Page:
Pittsburgh Friends Meeting Library

“A Leading to Read”
A regular column by the Library Committee reviewing books in the Meetinghouse Library
THE DURATION OF GRIEF by Liane Ellison Norman. Reviewed by Pat May
Liane Ellison Norman, at one time a vital member of our Meeting, is well known to those of us whose attendance goes back some years. She is the author of Hammer of Justice, which is in our library; Mozart’s Mother, and three more recent books of poetry: Driving Near the Old Federal Arsenal; Keep, and Breathing the West: Great Basin Poems.
In the preface to The Duration of Grief the author says that she was “without words to try to understand an experience I could not—cannot—fathom. Then I found that poetry, which I had not attempted for over 40 years, worked for me better than my familiar medium—prose.” The experience of which she speaks is the “impossible loss” of her daughter, Emily Norman Davidson, a gifted musician and the mother of Katie Rose, to cancer at age 36. Liane writes in the hope that “my experience and what I have to say about it will be of use to others than me.”
This is the story in poetry of a mother’s love, of shock and disbelief, of the daily reality of fighting for the life of your child, and finally of sharing the dying. This is the story of families, Liane and Bob’s family together, Liane’s family of origin, and her experience with a friend. She tells something of their living and of their dying and some of what has formed her.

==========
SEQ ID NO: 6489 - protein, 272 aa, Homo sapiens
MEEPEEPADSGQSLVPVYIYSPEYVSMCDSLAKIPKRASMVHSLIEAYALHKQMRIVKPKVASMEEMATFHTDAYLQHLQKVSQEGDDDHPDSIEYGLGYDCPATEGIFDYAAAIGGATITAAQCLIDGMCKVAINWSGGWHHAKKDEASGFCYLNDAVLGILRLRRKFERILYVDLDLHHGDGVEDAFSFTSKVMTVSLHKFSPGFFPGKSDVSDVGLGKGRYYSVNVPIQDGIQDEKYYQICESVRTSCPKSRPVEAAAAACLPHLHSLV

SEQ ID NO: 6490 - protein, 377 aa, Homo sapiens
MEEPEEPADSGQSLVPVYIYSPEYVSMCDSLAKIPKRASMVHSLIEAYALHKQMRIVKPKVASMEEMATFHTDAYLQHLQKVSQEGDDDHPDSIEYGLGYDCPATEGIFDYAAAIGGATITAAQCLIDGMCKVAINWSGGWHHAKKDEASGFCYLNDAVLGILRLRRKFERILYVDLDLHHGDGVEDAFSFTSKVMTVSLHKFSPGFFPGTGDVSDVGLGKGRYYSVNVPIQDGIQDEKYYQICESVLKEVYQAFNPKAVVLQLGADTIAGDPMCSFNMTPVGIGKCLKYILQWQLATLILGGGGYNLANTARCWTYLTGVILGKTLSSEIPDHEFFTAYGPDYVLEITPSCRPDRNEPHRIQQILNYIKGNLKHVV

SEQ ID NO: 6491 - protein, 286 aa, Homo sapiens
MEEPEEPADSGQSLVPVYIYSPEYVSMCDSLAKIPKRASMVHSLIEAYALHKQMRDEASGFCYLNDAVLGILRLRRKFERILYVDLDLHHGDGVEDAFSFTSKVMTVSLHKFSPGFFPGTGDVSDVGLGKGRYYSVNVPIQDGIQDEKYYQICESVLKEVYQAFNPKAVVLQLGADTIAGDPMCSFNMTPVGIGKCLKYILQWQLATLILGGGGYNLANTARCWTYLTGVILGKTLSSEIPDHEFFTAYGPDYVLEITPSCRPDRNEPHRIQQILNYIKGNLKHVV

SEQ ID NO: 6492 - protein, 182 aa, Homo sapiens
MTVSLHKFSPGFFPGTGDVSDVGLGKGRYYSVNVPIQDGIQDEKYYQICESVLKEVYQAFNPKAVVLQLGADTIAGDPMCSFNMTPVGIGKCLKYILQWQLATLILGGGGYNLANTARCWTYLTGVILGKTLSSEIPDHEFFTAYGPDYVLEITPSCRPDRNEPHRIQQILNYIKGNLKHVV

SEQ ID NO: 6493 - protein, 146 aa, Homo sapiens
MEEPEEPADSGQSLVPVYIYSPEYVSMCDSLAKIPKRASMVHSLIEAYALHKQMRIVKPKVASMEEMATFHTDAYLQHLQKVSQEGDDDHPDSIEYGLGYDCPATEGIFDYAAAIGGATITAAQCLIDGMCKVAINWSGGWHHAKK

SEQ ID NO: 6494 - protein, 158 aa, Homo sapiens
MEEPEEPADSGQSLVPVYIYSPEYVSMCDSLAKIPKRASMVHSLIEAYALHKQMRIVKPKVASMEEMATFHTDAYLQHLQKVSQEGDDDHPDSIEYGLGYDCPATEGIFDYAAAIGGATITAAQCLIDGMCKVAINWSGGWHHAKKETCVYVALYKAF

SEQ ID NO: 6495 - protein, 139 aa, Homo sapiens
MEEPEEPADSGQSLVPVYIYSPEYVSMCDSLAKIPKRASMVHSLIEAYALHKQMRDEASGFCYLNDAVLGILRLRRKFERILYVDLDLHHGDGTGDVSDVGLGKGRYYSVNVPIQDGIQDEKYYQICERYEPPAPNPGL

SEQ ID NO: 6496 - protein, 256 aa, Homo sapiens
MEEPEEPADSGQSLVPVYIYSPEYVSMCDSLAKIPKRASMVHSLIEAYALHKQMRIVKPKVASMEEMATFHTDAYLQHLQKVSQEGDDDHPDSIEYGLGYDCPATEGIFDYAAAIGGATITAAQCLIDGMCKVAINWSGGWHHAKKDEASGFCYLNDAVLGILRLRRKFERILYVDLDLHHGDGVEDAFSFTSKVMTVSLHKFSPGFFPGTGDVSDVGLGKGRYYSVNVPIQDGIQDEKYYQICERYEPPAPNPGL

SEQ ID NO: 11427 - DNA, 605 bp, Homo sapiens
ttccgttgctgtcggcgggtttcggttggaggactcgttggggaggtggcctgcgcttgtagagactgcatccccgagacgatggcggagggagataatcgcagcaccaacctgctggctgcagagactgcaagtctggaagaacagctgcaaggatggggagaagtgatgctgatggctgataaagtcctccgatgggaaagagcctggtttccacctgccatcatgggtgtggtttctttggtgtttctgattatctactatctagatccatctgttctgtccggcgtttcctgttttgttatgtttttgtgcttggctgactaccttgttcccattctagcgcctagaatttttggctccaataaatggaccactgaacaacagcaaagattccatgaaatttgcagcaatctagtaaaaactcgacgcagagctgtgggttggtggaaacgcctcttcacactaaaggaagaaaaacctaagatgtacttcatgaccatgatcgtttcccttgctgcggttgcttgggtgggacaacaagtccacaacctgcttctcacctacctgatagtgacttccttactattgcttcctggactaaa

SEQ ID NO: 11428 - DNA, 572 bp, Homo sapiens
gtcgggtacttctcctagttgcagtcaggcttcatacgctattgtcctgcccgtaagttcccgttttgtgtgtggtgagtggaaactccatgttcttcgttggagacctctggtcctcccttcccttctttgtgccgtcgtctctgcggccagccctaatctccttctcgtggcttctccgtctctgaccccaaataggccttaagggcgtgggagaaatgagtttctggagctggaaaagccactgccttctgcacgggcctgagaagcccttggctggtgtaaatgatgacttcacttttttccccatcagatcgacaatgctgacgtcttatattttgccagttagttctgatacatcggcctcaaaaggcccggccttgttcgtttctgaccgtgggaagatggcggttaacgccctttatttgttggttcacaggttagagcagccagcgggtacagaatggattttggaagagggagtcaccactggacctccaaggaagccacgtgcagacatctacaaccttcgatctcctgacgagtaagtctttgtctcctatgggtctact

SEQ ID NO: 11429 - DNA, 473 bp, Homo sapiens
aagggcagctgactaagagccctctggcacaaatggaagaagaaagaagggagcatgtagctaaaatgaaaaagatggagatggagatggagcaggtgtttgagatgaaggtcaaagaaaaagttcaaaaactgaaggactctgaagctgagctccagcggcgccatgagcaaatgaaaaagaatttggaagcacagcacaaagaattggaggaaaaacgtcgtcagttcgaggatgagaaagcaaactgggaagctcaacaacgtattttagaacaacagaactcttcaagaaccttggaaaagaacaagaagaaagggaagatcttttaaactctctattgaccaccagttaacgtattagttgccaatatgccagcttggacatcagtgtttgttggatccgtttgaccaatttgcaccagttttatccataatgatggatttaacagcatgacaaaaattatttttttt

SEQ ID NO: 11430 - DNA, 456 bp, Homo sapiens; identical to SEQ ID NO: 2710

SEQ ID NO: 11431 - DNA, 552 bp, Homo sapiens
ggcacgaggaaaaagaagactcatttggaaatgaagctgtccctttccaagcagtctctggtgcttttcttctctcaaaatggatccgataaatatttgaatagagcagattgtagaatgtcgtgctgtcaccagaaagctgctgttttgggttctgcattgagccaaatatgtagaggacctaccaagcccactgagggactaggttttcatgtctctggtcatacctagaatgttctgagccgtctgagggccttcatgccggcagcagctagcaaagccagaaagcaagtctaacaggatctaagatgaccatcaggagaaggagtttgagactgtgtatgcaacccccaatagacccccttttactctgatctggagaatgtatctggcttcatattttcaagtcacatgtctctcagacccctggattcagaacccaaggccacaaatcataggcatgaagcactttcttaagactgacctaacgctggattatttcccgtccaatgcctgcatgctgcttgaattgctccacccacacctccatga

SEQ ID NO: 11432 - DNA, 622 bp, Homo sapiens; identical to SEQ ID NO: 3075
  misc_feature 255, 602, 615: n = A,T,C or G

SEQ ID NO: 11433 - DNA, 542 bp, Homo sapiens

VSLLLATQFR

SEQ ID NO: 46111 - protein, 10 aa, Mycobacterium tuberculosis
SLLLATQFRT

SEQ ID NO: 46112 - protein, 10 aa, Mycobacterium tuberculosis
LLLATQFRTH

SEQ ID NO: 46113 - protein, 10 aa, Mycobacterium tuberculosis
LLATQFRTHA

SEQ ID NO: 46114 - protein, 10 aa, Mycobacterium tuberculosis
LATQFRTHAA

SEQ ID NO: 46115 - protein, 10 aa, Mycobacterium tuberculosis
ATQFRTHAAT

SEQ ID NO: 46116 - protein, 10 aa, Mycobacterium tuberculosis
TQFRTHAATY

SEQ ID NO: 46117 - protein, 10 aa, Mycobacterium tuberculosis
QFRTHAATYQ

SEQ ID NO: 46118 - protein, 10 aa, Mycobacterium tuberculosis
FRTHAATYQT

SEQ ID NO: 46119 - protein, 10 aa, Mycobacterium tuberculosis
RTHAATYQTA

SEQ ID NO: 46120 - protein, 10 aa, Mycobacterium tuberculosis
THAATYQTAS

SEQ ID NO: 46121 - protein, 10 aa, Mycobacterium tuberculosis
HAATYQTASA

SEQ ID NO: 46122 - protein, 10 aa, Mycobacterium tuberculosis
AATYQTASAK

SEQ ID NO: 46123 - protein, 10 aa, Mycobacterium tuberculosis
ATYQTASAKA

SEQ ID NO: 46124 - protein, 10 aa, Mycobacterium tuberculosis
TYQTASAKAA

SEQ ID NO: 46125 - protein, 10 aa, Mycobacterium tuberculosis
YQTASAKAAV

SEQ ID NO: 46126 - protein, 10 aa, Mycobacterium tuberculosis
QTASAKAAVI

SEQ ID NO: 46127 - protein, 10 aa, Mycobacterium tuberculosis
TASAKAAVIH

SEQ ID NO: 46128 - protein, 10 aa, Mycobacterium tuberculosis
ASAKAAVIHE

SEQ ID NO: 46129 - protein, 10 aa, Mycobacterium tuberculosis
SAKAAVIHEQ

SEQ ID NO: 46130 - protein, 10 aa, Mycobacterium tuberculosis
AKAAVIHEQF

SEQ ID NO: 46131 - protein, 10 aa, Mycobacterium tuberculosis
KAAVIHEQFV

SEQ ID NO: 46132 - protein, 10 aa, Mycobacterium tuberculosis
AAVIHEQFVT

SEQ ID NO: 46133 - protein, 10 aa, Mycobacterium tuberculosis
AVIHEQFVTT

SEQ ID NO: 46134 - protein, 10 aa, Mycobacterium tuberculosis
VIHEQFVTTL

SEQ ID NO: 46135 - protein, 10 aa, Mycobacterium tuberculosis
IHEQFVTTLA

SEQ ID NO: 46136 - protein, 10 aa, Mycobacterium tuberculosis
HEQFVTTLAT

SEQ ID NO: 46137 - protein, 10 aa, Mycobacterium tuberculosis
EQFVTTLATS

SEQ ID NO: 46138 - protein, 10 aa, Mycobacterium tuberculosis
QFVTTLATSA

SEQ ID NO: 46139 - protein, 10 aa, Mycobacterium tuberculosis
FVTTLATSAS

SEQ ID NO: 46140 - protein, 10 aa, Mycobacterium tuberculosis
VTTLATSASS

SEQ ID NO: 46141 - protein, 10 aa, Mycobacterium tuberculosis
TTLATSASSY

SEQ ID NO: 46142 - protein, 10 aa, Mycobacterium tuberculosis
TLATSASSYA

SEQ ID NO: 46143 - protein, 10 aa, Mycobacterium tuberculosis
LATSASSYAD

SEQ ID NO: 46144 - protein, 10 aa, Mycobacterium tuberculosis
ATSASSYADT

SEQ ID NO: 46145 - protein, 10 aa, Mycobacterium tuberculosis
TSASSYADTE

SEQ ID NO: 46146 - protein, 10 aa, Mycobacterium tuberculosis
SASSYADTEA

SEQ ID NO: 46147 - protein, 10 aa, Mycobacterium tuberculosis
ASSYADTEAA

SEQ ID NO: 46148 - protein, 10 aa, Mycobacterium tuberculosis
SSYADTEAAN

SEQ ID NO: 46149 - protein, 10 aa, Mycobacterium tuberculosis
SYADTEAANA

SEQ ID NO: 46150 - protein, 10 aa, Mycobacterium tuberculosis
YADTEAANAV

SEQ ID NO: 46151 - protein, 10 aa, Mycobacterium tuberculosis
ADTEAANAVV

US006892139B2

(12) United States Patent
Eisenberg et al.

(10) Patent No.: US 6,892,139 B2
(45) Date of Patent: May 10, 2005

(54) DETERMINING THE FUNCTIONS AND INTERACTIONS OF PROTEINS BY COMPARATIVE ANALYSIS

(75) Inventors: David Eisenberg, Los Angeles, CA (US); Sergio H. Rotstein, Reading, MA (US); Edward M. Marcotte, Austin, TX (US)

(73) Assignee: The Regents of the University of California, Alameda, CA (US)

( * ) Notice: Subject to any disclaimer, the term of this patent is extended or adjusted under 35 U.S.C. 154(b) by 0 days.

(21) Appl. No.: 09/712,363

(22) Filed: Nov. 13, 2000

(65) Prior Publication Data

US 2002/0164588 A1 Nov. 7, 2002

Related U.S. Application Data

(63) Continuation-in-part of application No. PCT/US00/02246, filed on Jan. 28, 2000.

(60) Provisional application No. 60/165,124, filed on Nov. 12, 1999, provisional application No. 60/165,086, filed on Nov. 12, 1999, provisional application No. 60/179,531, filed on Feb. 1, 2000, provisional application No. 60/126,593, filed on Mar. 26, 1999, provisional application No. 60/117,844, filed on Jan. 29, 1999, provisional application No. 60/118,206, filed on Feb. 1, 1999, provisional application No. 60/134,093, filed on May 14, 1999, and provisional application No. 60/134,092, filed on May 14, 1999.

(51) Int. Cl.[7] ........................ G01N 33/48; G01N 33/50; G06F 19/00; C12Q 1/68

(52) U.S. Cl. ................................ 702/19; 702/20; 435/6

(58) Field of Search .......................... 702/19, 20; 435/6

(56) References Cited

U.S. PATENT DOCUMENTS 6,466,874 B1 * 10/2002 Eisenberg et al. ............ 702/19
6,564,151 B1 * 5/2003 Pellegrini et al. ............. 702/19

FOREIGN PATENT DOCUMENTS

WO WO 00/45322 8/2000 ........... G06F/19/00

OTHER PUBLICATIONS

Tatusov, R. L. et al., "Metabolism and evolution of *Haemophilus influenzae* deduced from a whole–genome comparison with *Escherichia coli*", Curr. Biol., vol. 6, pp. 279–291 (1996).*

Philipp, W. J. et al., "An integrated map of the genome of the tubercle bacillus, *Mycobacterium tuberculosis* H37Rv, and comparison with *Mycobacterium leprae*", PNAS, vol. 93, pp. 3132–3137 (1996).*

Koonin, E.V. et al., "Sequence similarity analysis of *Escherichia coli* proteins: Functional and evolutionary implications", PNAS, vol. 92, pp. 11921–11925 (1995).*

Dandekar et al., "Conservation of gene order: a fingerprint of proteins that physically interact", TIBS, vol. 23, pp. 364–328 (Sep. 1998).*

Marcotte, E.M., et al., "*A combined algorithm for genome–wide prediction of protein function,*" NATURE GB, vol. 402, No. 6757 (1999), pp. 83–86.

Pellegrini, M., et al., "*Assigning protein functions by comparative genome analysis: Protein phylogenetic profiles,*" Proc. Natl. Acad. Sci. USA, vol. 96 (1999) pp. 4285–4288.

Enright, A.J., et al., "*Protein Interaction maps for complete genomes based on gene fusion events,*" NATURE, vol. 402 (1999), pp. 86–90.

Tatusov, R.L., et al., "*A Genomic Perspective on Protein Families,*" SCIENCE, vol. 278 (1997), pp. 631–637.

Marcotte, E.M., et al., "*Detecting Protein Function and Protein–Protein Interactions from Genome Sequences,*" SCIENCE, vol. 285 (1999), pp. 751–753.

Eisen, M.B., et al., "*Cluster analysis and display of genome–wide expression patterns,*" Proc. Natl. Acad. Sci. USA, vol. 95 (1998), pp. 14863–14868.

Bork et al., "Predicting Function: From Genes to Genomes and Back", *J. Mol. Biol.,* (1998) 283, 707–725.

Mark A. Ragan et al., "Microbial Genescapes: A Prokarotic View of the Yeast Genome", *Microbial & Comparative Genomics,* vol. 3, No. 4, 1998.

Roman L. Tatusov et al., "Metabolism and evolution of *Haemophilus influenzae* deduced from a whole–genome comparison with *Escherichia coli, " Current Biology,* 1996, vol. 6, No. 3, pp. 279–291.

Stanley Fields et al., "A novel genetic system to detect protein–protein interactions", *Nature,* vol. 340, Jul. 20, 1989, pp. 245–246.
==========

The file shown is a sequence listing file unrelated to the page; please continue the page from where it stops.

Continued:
The beauty and the pain in nature, in music, in architecture, in gardening, in everyday tasks, in loving fiercely, in her daughter’s life and courage, are painted in words and feeling throughout the poems. Her friend George Zedenstein says of this collection that the poems touched him “in the place where every grief I’ve known in my own life is stored. I feel that somehow, and without diluting the concentration of . . . personal experience, [she has] spoken for each of us who grieves.”
I find that to be my experience as well, but I also find the poems to be about more than grief. For me, they are about the full range of the experience of life in its many forms and stages, in the universal language of poetry, which gives voice to that which we sometimes cannot name.
The holdings in our Meeting library can be checked from your computer at home at http://www.librarything.com/catalog/PittsburghFriendsMtg..

With gratitude and good wishes, Eric Starbuck

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